Last year we reported that we had found "Marama", our best breeding Great Spotted Kiwi, with a new unidentified male. This subsequently turned out to be "Rubble", a sub-adult from the Hawdon Valley (12km in a straight line, but 3 mountain chains over); he had gone missing two years earlier. Her original partner "Rupert" was found well outside his territory; we could only assume that Rubble had fought him off.

Marama & Rubble attempted a incubation last year, but it was abandoned after only 15 days, the reason unknown. The normal incubation time of a GSK is 80 days, where the male is the primary egg-sitter.

Visiting Marama today, we found her again with her ex, Rupert, with Rubble nowhere to be seen. As we couldn't remove Marama's transmitter, we will follow her into the next breeding season to see if the original success has returned along with Rupert.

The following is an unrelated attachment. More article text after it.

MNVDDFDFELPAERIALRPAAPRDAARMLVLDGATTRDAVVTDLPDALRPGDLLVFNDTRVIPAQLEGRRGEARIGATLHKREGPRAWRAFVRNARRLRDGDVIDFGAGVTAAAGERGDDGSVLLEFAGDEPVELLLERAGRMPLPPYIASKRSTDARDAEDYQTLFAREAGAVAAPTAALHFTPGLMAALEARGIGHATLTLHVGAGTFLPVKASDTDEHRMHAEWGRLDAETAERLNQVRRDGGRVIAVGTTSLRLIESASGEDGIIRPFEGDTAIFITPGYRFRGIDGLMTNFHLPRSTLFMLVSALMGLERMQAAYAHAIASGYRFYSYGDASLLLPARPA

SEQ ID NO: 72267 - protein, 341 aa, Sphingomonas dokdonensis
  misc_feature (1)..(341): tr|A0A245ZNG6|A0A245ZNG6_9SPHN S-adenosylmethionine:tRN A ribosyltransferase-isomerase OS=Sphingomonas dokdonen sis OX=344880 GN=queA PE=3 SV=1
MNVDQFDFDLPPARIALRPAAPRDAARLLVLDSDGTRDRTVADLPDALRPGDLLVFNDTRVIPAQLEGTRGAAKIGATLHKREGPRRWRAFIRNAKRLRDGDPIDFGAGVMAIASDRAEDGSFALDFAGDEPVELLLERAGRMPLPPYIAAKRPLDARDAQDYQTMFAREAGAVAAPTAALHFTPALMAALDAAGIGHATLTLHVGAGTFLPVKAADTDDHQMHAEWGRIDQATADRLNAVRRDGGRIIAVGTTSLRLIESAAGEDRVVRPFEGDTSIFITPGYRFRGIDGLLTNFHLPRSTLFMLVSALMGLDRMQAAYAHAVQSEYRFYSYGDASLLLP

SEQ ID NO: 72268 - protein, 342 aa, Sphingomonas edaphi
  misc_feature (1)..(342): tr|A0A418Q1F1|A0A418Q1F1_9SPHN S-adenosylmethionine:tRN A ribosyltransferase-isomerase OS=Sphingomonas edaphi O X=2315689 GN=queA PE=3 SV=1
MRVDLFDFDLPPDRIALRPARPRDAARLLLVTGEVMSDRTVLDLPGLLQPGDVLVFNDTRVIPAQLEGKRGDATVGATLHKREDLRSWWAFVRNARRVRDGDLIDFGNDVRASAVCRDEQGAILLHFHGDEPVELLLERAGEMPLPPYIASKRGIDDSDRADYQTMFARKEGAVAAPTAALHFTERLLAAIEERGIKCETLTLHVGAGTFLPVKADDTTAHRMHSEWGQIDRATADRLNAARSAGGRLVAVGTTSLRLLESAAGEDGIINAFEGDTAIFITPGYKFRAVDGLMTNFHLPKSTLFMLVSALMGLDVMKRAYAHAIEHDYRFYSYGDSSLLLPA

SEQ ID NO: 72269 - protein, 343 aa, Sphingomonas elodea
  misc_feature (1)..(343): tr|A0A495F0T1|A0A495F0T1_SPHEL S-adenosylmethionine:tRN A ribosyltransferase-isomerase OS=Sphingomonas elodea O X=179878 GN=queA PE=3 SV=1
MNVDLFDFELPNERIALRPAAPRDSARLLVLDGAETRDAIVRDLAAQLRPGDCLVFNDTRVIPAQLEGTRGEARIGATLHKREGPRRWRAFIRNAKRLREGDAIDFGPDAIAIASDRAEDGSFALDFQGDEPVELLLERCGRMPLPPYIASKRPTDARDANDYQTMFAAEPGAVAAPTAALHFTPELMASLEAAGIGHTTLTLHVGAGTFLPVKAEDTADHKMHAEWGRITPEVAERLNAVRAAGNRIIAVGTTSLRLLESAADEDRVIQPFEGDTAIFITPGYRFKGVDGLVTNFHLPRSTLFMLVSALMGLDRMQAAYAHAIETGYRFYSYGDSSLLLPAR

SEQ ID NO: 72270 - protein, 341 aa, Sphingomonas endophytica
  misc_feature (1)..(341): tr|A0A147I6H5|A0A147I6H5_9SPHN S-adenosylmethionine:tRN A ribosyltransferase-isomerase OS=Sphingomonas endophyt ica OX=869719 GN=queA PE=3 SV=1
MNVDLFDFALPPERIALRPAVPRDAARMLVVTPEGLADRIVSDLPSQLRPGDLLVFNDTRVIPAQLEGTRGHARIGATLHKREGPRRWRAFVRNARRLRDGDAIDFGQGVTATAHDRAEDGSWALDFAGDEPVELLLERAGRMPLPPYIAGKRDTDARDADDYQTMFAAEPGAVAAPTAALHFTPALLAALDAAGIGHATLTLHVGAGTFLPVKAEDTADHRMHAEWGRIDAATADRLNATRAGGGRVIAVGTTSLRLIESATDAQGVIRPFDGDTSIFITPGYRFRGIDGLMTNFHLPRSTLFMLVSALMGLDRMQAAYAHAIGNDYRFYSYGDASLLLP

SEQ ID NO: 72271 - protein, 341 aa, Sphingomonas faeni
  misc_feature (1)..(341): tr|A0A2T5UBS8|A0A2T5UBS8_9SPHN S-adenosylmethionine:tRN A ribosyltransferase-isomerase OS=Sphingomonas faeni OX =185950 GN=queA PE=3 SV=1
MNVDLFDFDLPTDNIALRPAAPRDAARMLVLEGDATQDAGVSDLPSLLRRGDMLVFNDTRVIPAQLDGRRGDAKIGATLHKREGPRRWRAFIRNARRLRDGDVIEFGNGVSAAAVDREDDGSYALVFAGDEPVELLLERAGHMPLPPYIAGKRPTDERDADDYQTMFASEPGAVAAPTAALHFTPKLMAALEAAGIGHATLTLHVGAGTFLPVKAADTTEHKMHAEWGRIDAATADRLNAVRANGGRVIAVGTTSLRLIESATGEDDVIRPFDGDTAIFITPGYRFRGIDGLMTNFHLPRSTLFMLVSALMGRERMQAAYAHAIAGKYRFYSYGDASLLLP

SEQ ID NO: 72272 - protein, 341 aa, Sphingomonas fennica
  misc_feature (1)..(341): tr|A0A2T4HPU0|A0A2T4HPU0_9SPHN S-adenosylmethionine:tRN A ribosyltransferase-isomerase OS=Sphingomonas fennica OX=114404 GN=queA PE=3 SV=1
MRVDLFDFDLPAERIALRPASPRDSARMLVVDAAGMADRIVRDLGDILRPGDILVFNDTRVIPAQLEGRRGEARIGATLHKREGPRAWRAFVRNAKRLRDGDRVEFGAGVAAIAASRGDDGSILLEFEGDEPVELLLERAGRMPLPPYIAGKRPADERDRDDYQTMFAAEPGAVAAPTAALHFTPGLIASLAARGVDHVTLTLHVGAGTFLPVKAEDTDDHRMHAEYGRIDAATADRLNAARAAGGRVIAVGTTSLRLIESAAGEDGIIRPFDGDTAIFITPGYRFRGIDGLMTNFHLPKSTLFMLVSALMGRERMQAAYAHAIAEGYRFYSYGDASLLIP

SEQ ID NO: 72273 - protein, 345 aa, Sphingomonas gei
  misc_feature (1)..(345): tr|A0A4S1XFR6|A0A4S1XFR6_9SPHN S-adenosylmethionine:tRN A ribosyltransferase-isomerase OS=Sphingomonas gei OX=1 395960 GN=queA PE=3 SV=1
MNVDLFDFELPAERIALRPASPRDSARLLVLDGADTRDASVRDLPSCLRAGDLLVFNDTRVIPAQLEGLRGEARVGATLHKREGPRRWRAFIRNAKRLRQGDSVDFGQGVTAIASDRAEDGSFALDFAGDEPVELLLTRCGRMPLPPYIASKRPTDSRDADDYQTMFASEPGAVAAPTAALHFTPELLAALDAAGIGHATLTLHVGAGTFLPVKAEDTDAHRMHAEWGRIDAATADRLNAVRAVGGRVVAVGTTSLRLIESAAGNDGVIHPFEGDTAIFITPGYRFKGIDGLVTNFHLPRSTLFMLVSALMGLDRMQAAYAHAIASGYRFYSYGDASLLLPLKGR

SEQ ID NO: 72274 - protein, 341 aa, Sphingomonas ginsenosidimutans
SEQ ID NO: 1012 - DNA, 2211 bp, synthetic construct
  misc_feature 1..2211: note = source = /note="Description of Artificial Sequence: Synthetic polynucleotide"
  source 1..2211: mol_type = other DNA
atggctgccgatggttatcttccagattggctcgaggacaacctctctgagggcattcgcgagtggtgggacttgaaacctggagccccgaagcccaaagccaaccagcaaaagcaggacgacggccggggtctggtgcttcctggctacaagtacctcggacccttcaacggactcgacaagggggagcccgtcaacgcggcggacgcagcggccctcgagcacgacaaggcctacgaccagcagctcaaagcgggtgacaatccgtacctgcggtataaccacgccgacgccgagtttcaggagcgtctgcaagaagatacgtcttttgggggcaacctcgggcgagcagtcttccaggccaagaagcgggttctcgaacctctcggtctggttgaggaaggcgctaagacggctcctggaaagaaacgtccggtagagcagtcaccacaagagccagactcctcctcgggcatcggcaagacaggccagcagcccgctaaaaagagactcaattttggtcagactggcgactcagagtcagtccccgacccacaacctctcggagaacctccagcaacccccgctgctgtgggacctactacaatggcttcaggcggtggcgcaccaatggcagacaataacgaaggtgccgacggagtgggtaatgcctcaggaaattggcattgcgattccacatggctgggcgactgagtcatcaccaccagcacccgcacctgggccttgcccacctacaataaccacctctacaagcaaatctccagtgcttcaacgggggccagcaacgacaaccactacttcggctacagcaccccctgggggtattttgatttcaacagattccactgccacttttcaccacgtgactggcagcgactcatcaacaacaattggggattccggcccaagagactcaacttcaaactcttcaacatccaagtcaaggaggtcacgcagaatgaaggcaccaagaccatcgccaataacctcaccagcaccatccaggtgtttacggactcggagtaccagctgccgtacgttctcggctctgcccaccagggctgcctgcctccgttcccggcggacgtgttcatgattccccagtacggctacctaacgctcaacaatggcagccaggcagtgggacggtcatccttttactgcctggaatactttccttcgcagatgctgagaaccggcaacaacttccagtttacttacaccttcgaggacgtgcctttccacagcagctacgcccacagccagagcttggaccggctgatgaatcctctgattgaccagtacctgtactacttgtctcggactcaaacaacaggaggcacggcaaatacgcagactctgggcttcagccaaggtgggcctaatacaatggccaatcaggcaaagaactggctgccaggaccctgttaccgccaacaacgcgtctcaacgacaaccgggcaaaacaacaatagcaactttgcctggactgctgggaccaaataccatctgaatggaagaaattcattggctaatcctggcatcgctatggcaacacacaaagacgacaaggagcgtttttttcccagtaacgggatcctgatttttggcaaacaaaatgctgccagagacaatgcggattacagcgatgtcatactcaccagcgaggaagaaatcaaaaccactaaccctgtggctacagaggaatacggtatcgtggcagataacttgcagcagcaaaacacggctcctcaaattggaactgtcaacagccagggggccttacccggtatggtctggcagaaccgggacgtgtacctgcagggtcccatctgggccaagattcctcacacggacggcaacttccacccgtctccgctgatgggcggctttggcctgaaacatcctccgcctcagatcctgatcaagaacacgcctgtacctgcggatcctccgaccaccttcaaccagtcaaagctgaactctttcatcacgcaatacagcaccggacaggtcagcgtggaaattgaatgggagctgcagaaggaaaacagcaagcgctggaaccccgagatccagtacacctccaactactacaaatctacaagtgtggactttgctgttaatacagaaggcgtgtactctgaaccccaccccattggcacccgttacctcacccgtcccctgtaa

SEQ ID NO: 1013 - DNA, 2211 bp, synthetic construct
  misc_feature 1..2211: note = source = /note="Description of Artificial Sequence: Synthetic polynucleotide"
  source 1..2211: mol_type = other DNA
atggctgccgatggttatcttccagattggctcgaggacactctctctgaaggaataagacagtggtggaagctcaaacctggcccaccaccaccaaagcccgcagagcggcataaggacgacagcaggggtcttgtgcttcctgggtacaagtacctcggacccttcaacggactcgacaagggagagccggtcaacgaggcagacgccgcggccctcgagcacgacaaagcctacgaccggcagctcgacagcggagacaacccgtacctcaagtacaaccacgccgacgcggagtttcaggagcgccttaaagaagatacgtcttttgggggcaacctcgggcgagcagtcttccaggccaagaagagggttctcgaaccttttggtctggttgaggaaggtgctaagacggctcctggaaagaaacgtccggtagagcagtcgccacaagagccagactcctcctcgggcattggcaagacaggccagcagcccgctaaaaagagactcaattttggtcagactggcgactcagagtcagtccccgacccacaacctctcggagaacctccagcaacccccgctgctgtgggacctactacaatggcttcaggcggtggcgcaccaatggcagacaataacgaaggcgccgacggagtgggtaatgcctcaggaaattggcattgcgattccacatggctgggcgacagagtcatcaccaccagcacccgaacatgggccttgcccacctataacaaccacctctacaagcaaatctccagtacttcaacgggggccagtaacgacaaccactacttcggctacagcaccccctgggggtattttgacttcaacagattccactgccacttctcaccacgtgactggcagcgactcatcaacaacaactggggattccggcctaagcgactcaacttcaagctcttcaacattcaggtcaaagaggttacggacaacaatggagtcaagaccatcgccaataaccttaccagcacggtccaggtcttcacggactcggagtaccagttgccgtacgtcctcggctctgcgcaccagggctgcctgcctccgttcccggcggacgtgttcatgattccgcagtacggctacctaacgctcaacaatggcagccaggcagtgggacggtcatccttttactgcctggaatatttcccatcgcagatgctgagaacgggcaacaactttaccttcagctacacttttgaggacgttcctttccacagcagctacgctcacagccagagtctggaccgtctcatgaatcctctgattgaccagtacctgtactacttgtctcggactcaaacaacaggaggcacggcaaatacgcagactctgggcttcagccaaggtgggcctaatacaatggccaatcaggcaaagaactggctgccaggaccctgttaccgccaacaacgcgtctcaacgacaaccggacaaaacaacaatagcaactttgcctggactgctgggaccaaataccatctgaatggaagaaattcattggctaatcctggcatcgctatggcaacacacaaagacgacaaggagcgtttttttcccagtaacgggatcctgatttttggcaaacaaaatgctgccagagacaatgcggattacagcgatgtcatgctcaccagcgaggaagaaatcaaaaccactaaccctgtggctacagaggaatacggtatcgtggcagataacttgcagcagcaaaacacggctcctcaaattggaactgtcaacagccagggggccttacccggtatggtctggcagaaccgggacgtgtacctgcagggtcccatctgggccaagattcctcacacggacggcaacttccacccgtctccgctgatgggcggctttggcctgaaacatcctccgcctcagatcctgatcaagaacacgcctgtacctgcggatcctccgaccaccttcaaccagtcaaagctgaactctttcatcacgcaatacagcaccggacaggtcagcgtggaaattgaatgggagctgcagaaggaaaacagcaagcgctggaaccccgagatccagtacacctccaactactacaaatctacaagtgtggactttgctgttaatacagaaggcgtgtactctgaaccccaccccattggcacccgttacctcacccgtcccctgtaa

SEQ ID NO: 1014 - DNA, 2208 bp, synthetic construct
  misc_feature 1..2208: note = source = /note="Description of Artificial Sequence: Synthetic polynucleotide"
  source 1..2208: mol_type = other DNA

Daily catch of mice from house in Arthur's Pass Village - APWT

Our mouse plague has ended

After five months of being overwhelmed by mice in the Bealey Valley it seems the numbers have dropped off to almost zero, no doubt assisted by a "normal" winter being upon us and its subzero temperatures.

At the plague peak villagers were catching up to 30-40 mice a day on their properties. Over the course of the plague up 1800 mice were captured on 500 sq.m lots.

The plague was the result of a "beech mast", that is the beech forest flowering and seeding en-mass. This subsequent food source when it drops to the forest floor fed the mice explosion.

Although the mice have gone, we are now left with its legacy, a explosion in stoat and rat numbers. During the plague we were unable to attract these predators in any numbers to our traps, but now we are making notable captures. These predators are a primary threat to the native species we are trying to protect in this ecosystem.


Whio back in the Bealey

Whio (Blue Duck) appear to have self-introduced to the Bealey River catchment after a very long absence of almost 50 years!